Forget about October surprises. Hurricane Sandy is an October Black Swan. And given a dead-heat 2012 presidential election, there’s already plenty of speculation aboput how it might impact what happens Nov. 6. I think the consensus is that it helps President Obama. This tweet from British journalist Toby Harden is typical: “Hard to see right now how #Sandy benefits Romney – he cedes stage to Obama & is unable to boost what momentum he may have in OH, FL, WI etc.”
Obama as Commander-in-Chief in a time of national emergency, not just a beleaguered incumbent presiding over a worst-ever economic recovery. The rally-around-the flag phenomenon. People looking to government for help. Beyond psychology, it might also help Obama since he seems to be leading among early voters,and the aftermath of the superstorm might prevent Romney voters from getting to the polls next Tuesday.
But the other side of that trade is this: Millions of Americans are being forced to spend lots of money on hurricane preparations — extra food, flashlights, batteries generators, plywoood, hotels — at time when they are trying to rebuild their savings. Millions of Americans whose incomes and take-home pay fell not only during the Great Recession but also during the Not-So-Great Recovery — or as I put it, the Long Recession. These unexpected expenditures might well remind many of a) how precarious their financial situation is and b) how they’re not back to even despite a supposed three-year economic rebound.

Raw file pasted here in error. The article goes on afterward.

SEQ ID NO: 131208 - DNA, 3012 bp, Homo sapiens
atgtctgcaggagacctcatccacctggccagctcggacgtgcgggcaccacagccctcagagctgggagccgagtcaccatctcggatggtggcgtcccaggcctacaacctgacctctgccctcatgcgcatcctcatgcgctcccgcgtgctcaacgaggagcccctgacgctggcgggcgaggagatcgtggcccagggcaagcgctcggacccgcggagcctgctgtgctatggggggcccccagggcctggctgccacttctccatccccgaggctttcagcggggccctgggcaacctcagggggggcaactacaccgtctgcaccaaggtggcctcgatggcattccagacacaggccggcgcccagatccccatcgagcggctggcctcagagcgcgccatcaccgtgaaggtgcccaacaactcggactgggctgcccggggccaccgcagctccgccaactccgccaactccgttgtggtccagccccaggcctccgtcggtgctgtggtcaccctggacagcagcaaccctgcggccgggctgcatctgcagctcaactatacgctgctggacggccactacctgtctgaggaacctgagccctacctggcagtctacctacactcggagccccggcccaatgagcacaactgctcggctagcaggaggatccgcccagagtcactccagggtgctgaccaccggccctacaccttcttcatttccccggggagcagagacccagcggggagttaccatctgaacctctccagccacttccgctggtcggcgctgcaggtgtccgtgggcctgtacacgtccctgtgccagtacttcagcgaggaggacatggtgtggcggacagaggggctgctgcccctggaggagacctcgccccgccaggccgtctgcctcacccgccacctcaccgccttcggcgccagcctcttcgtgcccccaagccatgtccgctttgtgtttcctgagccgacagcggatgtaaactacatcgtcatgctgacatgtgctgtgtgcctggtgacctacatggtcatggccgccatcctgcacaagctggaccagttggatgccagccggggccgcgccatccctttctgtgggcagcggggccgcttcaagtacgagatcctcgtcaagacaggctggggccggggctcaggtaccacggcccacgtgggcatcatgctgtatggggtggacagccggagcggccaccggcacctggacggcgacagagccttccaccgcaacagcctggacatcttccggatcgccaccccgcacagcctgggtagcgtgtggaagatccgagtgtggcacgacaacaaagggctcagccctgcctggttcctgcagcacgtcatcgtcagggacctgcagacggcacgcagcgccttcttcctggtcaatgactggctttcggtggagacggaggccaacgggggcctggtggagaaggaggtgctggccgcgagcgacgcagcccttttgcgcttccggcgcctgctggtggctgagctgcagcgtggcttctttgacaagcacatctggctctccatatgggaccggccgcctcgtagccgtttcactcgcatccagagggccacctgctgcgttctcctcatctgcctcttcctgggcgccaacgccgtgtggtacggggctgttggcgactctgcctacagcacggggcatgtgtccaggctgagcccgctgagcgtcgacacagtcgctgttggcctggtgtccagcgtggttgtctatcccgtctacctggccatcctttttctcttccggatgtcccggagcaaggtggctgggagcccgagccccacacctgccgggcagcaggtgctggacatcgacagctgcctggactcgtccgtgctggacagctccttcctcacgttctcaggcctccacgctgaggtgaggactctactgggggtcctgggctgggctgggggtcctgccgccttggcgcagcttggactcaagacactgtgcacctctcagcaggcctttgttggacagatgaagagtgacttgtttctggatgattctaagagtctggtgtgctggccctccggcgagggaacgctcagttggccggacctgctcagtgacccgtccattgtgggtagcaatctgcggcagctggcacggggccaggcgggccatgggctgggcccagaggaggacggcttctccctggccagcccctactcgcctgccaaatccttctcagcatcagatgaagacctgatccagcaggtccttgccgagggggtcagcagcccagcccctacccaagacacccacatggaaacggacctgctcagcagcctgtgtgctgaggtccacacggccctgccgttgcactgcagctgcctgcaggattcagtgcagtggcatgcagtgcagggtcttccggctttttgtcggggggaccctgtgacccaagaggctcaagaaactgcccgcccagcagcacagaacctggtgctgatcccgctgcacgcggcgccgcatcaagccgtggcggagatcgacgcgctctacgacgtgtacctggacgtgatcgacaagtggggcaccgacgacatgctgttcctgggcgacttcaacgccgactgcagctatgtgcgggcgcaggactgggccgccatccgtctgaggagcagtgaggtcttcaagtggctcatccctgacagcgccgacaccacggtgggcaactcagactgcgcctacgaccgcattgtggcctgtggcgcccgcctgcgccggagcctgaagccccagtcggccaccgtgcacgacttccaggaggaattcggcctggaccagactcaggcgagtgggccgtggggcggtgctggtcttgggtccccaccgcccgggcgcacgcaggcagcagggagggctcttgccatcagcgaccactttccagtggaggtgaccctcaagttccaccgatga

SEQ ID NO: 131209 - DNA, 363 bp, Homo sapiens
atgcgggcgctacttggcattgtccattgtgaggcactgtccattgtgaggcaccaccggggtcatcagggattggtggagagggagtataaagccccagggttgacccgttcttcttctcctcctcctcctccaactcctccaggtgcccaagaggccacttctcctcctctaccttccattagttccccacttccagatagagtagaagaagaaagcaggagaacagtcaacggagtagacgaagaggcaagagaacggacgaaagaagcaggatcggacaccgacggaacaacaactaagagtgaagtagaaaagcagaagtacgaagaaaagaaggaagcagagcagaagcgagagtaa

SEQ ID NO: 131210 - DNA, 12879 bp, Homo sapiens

And if you think Romney is ahead, Sandy might well freeze the race to his advantage.
But since this sort of disaster before Election Day is, I believe, unprecedented, one theory is about as valid as the next. My guess, though, is that this historic washout, from a political perspective, will be a wash.